In short, the police union and three complainant officers felt they were being called racists. For evidence, they cited several moments they described as "anti-police" and "anti-white." The officers said they felt uncomfortable with the city manager's email endorsing EAT, which said "our historical systems disproportionately negatively impact our marginalized and vulnerable populations."

At an unrelated 2017 training that Falls didn't attend, a member of EAT made a comment that made a police officer uncomfortable. (Depending on the storyteller, it was either, "We don't need to hear any more from middle-aged white men," or, "I'd love to hear from more people of color and women.")

They also took issue with articles exchanged by EAT members on their SharePoint page, including a video thumbnail depicting a police officer arresting a Black man (not shown in the actual video). Officers said they felt attacked when someone linked a Vox article showing a graph of police violence and a photo of a protester wearing "Black Lives Matter" earrings.

The union steward, referencing this photo, incorrectly identified BLM as a terrorist organization. The independent investigation concluded that none of these points constituted either harassment or hostile work environment, but EAT was disbanded anyway.

EAT was in the midst of meaningful systemic change, and it was the police union's investigation, not Falls' leadership, that ended it. Fagan's assertion that an officer was told "his voice wasn't welcome" refers to an off-hand comment by someone else, a year before EAT was formed. His claim that Falls should have "foresee[n] potential resistance points for the police department and enact[ed] strategies to mitigate them" holds little water when these "resistance points" included unrelated thumbnails and photos of earrings.

What I hope is most clear, though, is that Fagan's insistence that race is not involved in the police department's conflict with Falls has very little to stand on when his organization was shutting down alleged "anti-whiteness" (real or imagined) just last year. It displays a troubling tendency among police and city officials to cry "I am not a racist" while effectively silencing anti-racist work. Gresham now has no equity committee. Gresham nearly had no police chief. And it's worth noting that at no time were racist accusations actually made. Falls never made a public accusation against Sells; we only know about it because The Outlook published his complaint without his consent. No one on EAT held anti-white or anti-police discussions; the officers just felt like we might.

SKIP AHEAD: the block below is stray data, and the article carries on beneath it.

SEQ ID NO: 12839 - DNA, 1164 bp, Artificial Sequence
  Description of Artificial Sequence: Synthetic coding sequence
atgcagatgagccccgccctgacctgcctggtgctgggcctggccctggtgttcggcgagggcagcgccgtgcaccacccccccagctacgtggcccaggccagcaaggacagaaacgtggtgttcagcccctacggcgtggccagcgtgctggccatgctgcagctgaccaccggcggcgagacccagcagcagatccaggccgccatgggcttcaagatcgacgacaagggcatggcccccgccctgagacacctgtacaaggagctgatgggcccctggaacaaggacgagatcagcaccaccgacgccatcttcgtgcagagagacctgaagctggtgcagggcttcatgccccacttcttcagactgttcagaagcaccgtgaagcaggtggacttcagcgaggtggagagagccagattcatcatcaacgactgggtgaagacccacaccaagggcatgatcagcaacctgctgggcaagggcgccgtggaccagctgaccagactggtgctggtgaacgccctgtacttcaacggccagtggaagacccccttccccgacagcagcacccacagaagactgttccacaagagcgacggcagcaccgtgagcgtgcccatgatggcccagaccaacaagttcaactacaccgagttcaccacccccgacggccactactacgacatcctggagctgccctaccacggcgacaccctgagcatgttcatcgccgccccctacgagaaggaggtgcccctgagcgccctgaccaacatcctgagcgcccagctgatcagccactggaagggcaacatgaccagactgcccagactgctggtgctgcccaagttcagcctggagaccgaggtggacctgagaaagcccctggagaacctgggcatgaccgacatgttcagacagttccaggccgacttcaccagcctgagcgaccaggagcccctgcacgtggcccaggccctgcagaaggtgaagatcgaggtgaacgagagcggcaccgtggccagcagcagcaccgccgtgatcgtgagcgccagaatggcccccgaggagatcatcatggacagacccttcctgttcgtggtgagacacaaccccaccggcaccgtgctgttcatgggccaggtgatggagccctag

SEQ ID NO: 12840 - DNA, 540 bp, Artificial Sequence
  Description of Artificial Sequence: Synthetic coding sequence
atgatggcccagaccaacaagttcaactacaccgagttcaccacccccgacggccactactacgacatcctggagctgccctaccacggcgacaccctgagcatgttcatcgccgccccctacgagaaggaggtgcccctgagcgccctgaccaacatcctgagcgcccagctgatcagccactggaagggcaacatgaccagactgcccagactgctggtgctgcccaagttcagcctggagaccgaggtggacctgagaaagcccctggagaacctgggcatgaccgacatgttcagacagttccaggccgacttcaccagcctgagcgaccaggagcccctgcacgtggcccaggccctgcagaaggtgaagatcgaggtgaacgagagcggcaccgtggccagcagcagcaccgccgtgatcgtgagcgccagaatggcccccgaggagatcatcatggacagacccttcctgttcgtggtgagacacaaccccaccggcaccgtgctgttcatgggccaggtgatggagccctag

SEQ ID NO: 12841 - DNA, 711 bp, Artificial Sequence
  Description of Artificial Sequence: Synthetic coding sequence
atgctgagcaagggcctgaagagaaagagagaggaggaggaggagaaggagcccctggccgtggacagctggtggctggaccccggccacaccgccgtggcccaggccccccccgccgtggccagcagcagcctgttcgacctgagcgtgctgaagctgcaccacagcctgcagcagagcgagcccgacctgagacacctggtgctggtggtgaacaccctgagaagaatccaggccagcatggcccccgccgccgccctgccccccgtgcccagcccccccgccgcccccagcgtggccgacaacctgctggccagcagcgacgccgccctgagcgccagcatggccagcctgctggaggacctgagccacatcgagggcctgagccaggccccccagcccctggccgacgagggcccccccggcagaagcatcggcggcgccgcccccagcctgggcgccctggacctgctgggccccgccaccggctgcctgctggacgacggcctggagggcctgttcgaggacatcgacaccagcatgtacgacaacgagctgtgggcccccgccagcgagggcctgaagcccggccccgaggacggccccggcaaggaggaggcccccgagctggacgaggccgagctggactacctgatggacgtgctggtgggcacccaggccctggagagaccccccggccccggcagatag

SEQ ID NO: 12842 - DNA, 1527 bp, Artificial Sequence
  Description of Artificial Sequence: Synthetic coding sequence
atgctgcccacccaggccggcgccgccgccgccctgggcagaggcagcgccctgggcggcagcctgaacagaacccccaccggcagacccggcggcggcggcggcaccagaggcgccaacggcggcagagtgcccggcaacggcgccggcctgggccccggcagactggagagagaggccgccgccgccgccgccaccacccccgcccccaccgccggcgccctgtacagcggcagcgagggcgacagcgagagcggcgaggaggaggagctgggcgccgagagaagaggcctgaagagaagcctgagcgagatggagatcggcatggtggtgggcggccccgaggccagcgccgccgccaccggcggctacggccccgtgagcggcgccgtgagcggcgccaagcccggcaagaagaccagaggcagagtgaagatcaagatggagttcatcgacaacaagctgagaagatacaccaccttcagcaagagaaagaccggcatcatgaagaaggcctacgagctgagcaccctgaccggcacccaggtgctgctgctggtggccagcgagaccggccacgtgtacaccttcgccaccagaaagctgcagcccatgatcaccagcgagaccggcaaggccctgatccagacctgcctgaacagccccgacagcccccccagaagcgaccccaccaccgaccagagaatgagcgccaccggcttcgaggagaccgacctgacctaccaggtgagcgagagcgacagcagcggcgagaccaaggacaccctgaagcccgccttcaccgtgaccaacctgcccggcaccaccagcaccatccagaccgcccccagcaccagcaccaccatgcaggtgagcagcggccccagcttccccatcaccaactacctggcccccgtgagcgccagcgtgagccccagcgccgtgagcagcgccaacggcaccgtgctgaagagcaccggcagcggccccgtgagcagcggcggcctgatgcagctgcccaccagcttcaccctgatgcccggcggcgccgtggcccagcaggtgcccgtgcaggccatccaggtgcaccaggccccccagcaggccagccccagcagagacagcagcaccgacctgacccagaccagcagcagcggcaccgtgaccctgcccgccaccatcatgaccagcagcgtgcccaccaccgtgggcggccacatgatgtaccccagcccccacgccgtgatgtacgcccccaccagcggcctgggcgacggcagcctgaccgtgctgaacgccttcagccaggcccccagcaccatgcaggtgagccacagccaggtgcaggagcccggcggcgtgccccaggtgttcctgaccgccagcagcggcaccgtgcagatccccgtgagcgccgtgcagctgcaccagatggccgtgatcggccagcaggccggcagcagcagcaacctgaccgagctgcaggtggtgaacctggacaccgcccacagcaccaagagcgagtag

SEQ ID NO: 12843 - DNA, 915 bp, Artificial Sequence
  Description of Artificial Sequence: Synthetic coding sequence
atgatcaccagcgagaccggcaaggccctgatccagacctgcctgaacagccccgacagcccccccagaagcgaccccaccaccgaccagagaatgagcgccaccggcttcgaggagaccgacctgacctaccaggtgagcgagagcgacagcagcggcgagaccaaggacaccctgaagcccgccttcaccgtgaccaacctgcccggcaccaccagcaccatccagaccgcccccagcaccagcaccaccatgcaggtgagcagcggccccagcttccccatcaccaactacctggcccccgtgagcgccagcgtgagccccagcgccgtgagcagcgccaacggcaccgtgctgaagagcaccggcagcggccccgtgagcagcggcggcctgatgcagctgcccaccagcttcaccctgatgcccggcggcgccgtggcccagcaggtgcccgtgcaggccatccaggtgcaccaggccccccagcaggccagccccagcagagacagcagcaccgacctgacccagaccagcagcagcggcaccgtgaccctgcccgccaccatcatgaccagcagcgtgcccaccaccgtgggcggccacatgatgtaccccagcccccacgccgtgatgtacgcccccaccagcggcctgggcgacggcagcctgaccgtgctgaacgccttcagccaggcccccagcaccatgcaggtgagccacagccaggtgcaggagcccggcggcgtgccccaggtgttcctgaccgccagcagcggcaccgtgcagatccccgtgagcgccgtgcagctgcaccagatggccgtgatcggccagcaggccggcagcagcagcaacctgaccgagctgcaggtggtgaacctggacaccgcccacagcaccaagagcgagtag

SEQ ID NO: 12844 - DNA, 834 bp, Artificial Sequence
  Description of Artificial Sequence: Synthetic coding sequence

When Sells, Fagan and the three complainants demand that they're "not racist," it is because they believe their personal character is under attack. But their personal character was never in question; it is the systemic impact of their decisions that matter.

I make no claims regarding Fagan's or Sells' personal feelings about race. But I do know that I saw the police union halt a citywide equity effort and the union president blame its failure on a Black man's "incompetence."

Fagan may be a good officer or good person, but he's not being honest about this. I am left wondering whether Fagan's other examples of Falls' "laziness" were similarly mischaracterized.

In considering Falls for the permament city manager position, the city of Gresham has the opportunity to hire a competent, forward-thinking leader, and to promote the welfare of Black people above the feelings of white people in power.

In the past, we've failed to do so, but here we have a chance to do better. I support Corey Falls for city manager, and call on the police department to unify in self-reflection and transparency with Falls in leadership. In doing so they have an opportunity to support their rapidly diversifying city in a new way, and to prove anti-racist intent with antiracist actions.

Amy Evans is a program technician at the city of Gresham.